I’ve never had to use EC myself, but I did have to buy it for a friend once, and I’m so grateful to the sweet lady pharmacist behind the counter. 17-year-old Mayyria was afraid for my friend, and I don’t know what would have happened if I’d encountered any kind of judgement or hostility. I’m lucky that EC is easily accesible where I live; two years prior to this incident I gave EC to another friend. I got it from a young woman working for a pro-choice organization (maybe PP? Memories fade…) who was literally going door-to-door distributing Plan B to young girls.

  2. Profile photo of PancakePrincess
    PancakePrincess

    Even though having several options of birth control that are available to women is a GOOD thing, I think the best part of the EC is that it is non-prescription, easy to access, you don’t have to be covered by health insurance, need parental permission (if you are over 17), and doesn’t have a laundry list of side effects like IUD’s. IUD’s also require a special, but somewhat simple, procedure that needs to take place by your gynecologist. Not everyone has access to health care, let alone a gynecologist. Planned Parenthood may be able to assist, but I really don’t know. I claim complete ignorance when it comes to the services planned parenthood has to offer.

    (NOTE: I live in an area where Planned Parenthood is so secretive and hidden due to security necessity. Living in a staunchly conservative section of the United States, people don’t talk about Planned Parenthood, abortions or sex before marriage. And if you do get pregnant, well, you are having the baby regardless. Not because there are not options, but because moral and peer pressure states that having the baby is the “right” thing to do.)

    Again, IUD’s and any types of birth control or Emergency Contraception are a requirement for the sexually active, and hopefully fulfilled, woman.

    Personally, I stand behind all of the types of birth control and Emergency Contraception (EP). Thankfully and luckily, I don’t have to utilize them anymore. After giving birth my best option was to have my tubes lasered/seared/and forever detached. Hormones/BC does not like my body and an IUD was not even considered. I know I don’t want anymore kids. Our first child was completely unplanned. My child is the light of most of my days, but this was after I met the little monkey.

    I’m lucky, I have health insurance and able to afford to take off work and pay for this procedure. It has saved my sex life and made me realize my one little dependent monkey (not giving away too much information about me and my family), are very happy. My family is happy with the one monkey, one dog and a life of devoting our time to each other. (Look at me, I went all sappy and shit.)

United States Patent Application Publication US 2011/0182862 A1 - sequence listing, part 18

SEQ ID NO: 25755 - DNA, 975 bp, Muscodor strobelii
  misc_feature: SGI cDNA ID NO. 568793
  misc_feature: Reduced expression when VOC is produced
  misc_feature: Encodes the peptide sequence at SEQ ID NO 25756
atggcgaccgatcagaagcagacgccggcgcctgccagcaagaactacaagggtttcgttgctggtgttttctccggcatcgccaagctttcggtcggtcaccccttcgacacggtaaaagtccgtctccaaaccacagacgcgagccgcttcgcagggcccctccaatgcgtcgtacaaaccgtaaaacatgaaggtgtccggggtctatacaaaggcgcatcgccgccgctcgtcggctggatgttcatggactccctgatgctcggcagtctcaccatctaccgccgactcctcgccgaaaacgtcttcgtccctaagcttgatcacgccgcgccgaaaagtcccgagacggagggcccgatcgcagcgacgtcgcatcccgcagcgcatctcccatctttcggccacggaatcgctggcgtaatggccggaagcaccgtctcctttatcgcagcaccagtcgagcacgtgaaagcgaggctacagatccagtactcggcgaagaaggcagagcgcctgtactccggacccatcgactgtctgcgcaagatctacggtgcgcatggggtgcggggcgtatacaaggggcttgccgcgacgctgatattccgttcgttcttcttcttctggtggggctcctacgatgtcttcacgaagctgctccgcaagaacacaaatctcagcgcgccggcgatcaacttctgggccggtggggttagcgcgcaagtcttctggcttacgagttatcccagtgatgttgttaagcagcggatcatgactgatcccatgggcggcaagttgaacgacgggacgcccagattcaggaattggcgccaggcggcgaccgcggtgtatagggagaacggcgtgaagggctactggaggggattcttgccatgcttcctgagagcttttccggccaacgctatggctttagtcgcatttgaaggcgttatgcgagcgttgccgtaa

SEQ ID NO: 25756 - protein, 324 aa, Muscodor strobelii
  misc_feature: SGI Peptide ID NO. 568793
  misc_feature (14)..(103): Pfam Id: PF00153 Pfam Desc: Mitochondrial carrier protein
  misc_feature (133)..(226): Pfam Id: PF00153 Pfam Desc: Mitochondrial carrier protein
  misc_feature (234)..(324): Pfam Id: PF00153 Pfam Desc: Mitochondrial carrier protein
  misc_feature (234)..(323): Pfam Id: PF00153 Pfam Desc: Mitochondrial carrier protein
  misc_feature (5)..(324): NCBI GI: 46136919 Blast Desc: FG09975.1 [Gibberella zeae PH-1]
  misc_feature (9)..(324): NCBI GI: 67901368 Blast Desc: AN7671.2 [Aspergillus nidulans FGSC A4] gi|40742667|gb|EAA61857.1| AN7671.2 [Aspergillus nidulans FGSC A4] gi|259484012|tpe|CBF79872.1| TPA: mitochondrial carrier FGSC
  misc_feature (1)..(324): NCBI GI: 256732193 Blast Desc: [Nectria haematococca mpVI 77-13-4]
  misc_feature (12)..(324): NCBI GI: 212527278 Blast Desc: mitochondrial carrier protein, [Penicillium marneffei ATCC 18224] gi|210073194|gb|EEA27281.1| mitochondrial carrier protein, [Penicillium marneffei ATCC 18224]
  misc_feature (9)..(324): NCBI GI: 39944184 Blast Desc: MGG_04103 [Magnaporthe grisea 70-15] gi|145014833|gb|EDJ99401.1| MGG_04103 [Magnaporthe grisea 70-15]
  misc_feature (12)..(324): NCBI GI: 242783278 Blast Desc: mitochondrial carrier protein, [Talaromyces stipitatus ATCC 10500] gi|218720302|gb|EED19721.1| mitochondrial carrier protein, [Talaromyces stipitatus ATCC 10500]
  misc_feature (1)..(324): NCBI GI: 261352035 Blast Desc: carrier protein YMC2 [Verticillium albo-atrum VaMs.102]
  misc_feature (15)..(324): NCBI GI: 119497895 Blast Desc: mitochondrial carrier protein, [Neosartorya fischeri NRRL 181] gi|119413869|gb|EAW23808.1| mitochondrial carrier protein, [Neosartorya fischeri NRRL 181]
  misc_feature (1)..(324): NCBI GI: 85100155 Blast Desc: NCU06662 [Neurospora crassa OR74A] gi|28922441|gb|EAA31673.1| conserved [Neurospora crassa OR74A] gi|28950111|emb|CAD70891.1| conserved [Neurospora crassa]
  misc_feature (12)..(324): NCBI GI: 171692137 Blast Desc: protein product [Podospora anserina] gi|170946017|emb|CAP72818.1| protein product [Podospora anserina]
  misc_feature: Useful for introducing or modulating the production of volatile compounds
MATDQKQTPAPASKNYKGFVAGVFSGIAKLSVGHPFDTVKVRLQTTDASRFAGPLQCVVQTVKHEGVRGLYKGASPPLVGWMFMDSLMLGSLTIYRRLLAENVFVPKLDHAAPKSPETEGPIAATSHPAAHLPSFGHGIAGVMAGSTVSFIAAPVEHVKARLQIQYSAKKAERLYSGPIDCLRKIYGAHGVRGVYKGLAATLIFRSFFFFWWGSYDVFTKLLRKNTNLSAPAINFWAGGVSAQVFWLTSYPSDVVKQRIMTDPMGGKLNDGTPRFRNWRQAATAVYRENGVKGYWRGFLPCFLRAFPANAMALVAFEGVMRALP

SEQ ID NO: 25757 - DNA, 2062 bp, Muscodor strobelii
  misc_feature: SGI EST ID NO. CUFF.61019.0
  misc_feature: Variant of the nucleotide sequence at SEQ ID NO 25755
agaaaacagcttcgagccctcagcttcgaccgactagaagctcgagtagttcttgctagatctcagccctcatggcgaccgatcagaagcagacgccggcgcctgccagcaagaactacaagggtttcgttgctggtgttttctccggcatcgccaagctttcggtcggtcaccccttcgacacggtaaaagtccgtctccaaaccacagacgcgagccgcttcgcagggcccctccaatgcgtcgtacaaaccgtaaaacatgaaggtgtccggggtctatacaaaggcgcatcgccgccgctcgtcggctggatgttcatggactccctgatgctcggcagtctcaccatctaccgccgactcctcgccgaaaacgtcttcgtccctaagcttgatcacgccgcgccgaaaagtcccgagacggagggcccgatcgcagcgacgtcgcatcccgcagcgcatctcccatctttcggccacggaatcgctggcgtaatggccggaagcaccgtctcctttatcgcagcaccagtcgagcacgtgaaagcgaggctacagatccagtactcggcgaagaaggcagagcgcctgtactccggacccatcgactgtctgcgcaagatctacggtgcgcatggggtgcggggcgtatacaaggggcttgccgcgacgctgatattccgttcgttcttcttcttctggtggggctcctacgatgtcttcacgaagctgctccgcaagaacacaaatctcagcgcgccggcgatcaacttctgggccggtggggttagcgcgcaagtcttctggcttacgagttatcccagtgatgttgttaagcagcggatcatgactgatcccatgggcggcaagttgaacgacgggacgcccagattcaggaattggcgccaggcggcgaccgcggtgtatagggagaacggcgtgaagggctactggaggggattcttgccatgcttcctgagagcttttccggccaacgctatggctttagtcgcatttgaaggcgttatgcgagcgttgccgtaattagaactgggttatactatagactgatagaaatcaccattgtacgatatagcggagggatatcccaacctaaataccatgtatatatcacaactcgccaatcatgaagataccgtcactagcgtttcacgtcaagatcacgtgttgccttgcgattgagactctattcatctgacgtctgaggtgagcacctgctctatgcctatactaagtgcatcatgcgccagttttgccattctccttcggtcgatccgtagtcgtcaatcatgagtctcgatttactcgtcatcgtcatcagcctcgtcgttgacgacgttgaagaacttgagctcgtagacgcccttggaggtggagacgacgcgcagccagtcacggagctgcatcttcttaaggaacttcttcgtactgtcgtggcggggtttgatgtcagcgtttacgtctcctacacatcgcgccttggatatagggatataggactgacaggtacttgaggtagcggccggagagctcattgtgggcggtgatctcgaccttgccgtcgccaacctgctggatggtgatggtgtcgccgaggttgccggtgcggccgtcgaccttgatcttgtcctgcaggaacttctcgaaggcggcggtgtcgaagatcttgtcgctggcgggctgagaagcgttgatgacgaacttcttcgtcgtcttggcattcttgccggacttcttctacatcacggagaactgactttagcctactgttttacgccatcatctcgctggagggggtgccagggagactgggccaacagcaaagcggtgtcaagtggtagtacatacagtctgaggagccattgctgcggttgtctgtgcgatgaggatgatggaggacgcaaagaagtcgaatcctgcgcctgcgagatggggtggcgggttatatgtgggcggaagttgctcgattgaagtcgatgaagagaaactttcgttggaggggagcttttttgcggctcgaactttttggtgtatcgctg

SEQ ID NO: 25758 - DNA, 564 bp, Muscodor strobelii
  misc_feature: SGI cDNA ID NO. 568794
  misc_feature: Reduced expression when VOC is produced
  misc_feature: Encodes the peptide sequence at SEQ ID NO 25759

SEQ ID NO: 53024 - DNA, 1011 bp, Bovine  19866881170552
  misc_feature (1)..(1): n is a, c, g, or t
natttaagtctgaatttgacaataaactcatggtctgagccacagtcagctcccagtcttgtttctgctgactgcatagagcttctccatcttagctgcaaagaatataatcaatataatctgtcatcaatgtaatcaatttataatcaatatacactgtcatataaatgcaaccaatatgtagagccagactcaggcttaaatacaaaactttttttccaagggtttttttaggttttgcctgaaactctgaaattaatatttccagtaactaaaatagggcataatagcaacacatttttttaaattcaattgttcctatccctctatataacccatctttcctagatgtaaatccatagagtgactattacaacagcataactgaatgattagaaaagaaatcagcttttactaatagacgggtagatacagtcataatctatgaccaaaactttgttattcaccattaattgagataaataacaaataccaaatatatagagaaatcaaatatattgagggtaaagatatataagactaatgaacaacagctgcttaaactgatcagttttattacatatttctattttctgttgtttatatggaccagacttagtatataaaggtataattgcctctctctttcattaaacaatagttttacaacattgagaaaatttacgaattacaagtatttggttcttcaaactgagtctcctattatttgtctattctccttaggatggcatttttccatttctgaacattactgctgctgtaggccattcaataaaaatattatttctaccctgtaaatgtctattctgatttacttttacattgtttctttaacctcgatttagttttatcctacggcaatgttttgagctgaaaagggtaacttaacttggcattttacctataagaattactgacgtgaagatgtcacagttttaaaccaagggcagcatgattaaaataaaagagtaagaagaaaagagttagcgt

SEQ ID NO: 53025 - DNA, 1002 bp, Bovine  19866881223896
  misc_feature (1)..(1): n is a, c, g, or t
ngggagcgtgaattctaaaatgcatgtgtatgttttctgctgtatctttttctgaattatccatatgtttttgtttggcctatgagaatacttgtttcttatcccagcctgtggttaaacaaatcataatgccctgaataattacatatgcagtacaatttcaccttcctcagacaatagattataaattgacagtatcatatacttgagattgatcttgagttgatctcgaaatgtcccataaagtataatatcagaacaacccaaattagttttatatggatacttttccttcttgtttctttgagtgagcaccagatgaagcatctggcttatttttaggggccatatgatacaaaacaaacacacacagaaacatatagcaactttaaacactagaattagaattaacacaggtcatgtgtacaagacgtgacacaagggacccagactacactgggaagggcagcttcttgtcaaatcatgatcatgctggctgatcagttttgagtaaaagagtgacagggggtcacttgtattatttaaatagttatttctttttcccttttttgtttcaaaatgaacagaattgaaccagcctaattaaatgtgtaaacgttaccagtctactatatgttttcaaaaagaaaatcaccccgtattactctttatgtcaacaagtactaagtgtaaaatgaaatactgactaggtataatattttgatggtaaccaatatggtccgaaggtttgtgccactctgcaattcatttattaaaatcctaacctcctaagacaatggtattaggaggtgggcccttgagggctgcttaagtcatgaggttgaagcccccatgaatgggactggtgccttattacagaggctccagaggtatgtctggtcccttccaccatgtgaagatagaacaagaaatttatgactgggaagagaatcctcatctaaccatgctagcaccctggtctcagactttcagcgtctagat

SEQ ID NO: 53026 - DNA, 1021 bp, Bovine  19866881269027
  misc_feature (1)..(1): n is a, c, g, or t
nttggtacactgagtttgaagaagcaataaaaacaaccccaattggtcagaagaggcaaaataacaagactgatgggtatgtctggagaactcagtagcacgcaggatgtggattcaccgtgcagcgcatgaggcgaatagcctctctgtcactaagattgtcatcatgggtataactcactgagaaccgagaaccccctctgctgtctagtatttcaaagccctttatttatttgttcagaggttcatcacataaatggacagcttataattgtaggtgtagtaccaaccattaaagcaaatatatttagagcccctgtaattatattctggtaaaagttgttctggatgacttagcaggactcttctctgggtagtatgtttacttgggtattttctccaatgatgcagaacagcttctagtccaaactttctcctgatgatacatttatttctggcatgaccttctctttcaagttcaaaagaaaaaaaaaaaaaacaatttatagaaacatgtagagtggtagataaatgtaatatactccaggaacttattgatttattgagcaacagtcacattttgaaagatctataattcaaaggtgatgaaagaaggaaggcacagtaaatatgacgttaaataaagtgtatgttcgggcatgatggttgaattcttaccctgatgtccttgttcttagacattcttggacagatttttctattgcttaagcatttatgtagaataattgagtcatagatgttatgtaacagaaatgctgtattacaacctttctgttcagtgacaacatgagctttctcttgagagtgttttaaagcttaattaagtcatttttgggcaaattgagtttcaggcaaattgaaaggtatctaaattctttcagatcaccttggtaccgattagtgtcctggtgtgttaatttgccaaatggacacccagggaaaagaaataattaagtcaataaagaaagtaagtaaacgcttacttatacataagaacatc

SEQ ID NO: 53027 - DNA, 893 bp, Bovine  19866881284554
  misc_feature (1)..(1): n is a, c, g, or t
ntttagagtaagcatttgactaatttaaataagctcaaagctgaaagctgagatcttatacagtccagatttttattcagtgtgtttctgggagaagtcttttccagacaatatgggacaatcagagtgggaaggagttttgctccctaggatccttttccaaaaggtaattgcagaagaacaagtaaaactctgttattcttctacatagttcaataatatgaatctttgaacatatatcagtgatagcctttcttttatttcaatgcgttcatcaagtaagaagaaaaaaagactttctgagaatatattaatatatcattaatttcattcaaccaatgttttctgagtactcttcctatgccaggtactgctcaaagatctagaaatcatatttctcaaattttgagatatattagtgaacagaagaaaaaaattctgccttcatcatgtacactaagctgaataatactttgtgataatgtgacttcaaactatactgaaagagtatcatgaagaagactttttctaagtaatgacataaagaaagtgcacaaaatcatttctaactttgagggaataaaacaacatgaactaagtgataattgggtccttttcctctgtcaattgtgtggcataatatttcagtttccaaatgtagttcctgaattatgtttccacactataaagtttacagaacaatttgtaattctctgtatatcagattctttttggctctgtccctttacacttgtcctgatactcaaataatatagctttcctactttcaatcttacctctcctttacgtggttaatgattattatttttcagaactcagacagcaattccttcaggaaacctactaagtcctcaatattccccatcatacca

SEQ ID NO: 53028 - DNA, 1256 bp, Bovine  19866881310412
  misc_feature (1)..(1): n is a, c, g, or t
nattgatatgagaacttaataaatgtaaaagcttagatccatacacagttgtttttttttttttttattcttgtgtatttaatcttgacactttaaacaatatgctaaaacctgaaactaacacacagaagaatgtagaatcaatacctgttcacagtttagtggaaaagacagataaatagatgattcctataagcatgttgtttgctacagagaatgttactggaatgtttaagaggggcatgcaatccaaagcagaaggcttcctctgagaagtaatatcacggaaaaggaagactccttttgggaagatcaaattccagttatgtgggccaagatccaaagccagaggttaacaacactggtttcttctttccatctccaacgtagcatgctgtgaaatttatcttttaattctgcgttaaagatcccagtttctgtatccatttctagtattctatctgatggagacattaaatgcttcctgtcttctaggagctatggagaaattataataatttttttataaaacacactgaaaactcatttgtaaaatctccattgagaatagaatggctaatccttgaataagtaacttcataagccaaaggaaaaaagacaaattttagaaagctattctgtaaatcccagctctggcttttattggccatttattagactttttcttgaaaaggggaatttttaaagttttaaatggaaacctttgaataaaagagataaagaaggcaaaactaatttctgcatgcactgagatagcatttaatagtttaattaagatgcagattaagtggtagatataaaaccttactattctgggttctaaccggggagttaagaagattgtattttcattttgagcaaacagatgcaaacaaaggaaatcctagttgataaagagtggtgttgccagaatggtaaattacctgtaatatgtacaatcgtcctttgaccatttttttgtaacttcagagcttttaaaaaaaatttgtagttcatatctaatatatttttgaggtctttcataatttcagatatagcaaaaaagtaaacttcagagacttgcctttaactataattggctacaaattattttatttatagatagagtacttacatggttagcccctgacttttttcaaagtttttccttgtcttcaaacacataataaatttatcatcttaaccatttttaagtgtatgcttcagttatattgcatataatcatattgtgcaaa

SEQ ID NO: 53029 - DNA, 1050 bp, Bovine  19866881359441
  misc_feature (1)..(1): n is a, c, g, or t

Use BC and carry EC. Make it the responsibility of your partner too. As women we take responsibility for our sexual health and BC options, but delegating these responsibilities is very helpful and could possibly provide an emergency back-up plan when you forget everything.

  3. Profile photo of lostinalunchbox
    lostinalunchbox

    Also, don’t forget – now there are two (2!) different forms of EC available in the US – the Plan B we are familiar with, and Ella (ulliprisal acetate) which was just FDA approved a few months ago. The excitement about Ella is that it has a different mechanism and is effective for a full 5 days after the unprotected act with no decrease in effectiveness. Plan B can be used that far out, but has decrease in effectiveness the further out you are. Ella is still prescription only.

    And another, “also, don’t forget” – the actual most effective method of EC is placement of a copper (Paraguard) iud – up to 5 days after intercourse, so if you are interested in an IUD anyway and you have a good gyn, you should talk to your doc/np/midwife about that if you find yourself in that situation. Mirena iud would probably work, but has not been tested.

    If anyone is interested, I’d be happy to write a manifesto for you all about the different forms of EC, how they work, and how they are not, not, NOT a form of abortion.